On August 11, eight miles of Philadelphia streets—on North Broad Street between City Hall and Erie Avenue—will close to vehicular traffic for the third annual Philly Free Streets event. Mayor Kenney and the city of Philadelphia announced plans today, saying that this will be the largest event of its kind in the city yet. If you’ll remember, the Free Streets event in August was only seven miles, so this time around you’re getting a whole extra mile.
Make plans now: Roads will be open that day from 8am to 1pm for pedestrians, bikers, joggers and general gadabouts to stroll freely without the fear of any motorized disturbances, and local organizations and businesses will host events along the route throughout the day.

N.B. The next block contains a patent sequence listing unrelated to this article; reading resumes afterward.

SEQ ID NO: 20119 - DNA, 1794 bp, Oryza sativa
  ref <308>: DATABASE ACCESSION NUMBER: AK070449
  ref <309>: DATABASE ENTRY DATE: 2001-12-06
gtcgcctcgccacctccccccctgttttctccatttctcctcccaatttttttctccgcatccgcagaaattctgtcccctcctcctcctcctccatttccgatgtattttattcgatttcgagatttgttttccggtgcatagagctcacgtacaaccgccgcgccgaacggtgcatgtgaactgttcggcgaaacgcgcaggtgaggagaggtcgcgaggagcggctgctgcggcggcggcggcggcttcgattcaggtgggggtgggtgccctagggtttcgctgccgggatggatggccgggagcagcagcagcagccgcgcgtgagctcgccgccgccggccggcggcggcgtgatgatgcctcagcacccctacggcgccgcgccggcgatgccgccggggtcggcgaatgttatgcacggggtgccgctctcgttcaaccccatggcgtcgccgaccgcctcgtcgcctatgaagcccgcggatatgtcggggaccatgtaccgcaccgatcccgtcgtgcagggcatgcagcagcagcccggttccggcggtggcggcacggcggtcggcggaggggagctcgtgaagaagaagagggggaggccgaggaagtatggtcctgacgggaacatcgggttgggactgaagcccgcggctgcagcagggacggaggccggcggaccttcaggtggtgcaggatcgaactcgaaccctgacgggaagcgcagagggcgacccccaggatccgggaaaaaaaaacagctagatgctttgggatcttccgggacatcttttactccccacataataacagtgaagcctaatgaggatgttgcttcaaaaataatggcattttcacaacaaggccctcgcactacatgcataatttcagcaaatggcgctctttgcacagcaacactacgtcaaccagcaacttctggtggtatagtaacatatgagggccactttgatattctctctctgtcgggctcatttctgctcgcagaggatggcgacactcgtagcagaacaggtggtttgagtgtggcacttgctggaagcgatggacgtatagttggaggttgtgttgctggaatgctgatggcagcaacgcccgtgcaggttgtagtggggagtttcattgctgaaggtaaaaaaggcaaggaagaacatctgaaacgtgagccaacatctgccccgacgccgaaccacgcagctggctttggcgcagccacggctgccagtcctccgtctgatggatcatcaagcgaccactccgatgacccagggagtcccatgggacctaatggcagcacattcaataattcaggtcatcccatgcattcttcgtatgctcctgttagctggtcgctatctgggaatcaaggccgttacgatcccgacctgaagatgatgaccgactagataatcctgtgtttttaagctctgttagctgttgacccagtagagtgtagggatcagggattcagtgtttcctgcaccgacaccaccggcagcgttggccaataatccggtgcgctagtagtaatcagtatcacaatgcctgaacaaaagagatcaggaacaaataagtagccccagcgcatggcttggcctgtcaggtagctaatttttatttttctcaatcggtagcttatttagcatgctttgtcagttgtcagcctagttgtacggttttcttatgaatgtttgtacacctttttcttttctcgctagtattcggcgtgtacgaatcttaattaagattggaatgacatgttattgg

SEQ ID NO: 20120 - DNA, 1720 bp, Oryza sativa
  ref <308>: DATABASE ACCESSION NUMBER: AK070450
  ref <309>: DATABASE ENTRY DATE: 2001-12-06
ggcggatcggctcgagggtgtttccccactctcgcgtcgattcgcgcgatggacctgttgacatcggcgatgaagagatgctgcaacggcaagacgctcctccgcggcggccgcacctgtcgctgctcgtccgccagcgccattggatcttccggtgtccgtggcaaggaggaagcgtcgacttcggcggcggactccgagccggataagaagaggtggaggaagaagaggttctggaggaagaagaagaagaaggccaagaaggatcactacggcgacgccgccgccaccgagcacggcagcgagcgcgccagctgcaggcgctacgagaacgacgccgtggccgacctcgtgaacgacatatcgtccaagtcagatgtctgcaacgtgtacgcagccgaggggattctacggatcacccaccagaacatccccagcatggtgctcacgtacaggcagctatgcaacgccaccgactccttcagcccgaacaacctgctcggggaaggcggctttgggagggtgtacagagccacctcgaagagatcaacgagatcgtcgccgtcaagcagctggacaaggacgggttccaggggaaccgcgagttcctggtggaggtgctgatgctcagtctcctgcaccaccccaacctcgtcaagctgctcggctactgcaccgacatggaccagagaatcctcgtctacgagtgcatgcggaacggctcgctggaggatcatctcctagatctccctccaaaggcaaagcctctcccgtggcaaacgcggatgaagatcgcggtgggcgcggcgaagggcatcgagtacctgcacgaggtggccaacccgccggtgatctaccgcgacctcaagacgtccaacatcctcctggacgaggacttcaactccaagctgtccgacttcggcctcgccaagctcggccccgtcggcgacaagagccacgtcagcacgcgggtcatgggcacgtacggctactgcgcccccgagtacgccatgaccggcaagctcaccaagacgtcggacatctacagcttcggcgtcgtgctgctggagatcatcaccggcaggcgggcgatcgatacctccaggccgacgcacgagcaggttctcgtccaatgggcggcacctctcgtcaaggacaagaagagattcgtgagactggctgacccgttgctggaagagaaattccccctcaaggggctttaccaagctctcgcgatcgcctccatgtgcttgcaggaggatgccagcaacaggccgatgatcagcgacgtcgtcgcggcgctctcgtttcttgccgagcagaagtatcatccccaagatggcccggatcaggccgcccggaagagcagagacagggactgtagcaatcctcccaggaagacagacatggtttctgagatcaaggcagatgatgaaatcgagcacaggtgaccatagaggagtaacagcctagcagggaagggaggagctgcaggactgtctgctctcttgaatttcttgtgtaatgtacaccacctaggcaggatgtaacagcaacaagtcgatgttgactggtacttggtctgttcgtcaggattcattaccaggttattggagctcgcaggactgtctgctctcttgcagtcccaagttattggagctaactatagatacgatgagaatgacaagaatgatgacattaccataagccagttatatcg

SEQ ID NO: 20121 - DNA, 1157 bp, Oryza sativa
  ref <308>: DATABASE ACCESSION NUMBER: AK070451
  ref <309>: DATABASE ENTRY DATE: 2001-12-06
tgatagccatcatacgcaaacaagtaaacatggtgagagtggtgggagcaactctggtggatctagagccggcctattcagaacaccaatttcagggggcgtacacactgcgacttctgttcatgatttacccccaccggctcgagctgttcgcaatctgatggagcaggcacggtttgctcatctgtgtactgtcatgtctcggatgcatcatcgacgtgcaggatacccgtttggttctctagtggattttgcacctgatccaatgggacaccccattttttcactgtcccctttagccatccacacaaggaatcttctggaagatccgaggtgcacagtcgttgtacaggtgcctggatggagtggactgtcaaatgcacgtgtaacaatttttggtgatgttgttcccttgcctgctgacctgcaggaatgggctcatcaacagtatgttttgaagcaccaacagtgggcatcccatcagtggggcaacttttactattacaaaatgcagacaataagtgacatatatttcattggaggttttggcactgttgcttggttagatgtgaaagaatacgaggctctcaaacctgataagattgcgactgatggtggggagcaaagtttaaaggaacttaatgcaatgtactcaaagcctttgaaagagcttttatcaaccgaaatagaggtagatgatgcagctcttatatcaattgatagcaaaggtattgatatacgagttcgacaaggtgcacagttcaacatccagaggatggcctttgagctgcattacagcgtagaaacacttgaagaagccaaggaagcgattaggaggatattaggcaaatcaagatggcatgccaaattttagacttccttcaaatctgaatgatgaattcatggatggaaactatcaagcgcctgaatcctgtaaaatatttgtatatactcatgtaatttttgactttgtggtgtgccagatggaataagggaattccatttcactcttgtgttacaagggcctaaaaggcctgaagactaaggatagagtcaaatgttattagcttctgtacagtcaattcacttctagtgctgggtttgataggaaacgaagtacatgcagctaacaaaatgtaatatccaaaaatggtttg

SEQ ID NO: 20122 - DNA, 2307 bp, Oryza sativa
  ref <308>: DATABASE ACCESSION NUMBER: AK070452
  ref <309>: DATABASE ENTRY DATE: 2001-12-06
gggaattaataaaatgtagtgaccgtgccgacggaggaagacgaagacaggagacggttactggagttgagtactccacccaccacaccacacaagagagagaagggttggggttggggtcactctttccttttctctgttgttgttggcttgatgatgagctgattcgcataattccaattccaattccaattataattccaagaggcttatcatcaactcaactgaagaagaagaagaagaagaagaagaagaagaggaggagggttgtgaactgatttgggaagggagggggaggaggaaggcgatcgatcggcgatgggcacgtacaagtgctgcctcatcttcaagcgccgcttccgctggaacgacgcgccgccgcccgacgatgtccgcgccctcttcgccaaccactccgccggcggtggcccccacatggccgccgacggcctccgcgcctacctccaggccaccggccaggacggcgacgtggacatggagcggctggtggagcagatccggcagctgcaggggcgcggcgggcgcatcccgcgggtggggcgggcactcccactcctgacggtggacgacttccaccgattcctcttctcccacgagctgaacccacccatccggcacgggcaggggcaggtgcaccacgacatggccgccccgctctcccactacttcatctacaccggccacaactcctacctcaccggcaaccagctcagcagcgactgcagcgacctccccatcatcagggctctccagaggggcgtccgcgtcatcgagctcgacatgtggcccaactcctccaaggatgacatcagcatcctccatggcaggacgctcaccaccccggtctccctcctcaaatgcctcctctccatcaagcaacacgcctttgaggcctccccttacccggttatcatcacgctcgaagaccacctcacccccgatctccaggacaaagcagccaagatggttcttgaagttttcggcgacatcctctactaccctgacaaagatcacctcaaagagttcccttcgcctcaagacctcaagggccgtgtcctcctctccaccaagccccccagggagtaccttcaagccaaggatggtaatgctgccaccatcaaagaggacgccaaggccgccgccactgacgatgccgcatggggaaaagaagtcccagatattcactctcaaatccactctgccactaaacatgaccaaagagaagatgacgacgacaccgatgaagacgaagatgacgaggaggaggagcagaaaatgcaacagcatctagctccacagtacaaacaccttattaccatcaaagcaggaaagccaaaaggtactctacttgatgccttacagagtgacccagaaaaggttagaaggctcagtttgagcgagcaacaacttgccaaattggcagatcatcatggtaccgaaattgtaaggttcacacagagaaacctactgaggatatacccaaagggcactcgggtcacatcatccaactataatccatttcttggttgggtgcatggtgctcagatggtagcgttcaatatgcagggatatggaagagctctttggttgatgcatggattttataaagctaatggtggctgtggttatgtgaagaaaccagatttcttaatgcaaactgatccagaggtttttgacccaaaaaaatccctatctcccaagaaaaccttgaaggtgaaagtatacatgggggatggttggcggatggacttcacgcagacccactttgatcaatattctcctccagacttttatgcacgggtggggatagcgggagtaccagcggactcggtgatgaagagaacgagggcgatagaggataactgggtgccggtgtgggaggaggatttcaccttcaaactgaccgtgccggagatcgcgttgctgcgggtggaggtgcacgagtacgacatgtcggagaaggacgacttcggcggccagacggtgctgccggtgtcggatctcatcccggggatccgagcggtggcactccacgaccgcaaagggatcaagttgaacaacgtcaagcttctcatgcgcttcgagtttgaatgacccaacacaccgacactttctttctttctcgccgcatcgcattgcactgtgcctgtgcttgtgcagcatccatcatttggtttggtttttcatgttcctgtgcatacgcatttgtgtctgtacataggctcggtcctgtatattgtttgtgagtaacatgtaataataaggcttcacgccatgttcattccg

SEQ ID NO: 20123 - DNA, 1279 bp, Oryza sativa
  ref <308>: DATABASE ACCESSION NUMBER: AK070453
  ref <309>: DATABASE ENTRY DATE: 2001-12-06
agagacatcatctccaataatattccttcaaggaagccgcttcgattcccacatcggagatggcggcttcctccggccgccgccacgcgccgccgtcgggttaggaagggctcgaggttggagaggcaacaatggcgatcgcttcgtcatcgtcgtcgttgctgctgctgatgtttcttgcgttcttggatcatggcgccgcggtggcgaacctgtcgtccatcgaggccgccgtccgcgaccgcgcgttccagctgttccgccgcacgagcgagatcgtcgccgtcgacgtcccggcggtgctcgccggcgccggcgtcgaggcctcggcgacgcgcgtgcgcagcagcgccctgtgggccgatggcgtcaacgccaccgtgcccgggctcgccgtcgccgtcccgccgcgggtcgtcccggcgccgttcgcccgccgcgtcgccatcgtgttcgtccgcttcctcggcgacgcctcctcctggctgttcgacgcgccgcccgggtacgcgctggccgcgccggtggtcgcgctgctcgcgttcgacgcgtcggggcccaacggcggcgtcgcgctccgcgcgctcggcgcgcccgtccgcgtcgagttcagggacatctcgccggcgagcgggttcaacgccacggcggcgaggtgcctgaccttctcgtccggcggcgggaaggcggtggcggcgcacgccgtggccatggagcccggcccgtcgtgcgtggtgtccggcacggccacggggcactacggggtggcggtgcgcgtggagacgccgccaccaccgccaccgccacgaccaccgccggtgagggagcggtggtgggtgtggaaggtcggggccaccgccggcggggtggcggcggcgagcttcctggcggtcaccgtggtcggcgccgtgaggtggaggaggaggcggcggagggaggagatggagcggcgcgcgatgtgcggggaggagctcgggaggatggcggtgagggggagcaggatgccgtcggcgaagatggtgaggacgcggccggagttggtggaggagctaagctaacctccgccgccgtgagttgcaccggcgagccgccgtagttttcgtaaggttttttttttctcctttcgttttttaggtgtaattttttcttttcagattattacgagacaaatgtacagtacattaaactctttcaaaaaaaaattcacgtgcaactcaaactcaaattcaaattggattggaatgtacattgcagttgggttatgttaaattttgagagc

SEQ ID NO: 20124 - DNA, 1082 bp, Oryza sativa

Philly Free Streets was inspired by the Pope visit in 2015, when much of the city was closed to traffic, allowing folks to walk and pedal wherever they wanted—including, and perhaps most memorably, across the Benjamin Franklin Bridge. People loved it so much that the Philly Free Streets initiative was born. The first one happened last September. Then, 10 miles of streets closed—mostly along South Street—and about 30,000 people showed up to take advantage of a blissful, car-free stroll through their city.
Like most Philly Street Events, which have drawn tens of thousands of spectators, the August event is meant to highlight a part of town that tends to get overshadowed by more popular areas like Center City. Organizers hope to draw attention to the culture of North Philly, and all the new development happening up that way, like the stunning Divine Lorraine and the Philadelphia Metropolitan Opera House.